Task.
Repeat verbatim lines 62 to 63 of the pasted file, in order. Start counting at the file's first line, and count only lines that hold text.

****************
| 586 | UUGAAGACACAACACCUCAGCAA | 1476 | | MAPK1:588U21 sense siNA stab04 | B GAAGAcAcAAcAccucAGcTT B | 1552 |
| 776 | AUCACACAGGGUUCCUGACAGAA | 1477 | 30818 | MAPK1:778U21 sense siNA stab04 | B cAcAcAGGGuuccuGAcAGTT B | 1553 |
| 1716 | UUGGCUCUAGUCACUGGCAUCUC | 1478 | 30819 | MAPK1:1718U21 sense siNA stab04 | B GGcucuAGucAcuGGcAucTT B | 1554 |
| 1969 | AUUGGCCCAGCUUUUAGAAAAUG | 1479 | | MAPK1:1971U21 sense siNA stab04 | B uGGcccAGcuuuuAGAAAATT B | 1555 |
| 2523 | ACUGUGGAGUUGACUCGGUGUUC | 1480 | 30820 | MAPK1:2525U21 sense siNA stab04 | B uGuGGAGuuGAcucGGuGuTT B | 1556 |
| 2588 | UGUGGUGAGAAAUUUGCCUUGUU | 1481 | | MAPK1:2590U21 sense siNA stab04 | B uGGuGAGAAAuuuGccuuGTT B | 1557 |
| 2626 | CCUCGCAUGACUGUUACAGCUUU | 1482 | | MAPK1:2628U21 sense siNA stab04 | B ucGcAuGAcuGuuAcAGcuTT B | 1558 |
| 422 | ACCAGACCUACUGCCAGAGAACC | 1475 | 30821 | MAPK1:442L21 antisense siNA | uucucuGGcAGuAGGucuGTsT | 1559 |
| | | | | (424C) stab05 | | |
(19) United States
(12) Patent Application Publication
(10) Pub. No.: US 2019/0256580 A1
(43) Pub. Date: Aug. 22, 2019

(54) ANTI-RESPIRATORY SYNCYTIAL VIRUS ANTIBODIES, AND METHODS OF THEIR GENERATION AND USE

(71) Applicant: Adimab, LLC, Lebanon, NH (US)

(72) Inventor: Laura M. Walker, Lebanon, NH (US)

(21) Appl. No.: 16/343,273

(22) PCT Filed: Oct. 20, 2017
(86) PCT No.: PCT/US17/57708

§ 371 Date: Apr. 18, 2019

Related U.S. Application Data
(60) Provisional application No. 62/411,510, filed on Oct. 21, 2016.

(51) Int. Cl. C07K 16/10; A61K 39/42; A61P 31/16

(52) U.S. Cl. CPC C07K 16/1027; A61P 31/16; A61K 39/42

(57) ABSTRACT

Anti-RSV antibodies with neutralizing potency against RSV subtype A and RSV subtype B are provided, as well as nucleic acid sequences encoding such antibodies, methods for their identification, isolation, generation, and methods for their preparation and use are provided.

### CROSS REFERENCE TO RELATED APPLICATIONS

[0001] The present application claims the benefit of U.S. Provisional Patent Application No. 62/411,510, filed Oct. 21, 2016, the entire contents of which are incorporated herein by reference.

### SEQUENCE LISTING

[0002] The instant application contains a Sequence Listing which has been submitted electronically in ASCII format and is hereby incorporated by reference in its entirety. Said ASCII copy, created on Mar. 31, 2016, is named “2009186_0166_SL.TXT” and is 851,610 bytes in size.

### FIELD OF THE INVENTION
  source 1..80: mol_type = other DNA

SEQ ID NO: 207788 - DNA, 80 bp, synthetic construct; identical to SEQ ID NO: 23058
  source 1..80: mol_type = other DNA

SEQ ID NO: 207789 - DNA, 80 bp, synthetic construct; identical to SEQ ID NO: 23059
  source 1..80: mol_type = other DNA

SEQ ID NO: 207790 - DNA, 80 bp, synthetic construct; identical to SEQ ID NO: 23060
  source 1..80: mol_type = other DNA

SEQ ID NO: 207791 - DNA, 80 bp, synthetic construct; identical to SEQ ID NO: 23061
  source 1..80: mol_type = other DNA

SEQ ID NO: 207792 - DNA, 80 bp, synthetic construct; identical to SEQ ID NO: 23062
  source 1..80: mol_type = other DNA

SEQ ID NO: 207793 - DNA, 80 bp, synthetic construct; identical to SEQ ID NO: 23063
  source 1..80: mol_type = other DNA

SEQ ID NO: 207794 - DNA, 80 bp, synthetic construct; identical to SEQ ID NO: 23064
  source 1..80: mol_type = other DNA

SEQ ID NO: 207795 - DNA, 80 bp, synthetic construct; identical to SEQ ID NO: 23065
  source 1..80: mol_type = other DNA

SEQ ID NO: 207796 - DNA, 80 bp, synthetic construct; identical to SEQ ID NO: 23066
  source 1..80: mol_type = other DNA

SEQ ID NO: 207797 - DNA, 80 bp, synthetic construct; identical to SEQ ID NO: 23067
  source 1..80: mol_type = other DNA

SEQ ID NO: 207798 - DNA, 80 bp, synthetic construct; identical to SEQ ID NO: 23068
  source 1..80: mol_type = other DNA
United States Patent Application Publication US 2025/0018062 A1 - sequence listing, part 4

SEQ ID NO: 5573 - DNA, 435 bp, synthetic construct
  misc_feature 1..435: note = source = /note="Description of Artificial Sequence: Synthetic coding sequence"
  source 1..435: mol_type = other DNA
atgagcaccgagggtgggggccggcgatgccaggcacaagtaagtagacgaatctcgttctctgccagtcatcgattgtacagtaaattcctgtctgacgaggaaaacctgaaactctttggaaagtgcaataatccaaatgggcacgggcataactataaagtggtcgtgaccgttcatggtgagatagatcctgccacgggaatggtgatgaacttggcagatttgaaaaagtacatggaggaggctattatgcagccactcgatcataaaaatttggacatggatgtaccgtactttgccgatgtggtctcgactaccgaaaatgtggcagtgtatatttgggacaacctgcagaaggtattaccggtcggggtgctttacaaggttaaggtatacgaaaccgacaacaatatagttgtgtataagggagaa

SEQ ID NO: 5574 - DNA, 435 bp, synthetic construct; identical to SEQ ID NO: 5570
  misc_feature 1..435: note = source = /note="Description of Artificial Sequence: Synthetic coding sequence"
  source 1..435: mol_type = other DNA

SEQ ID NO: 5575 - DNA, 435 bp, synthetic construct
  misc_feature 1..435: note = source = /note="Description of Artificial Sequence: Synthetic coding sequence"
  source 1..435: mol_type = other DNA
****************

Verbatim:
  source 1..435: mol_type = other DNA

SEQ ID NO: 5575 - DNA, 435 bp, synthetic construct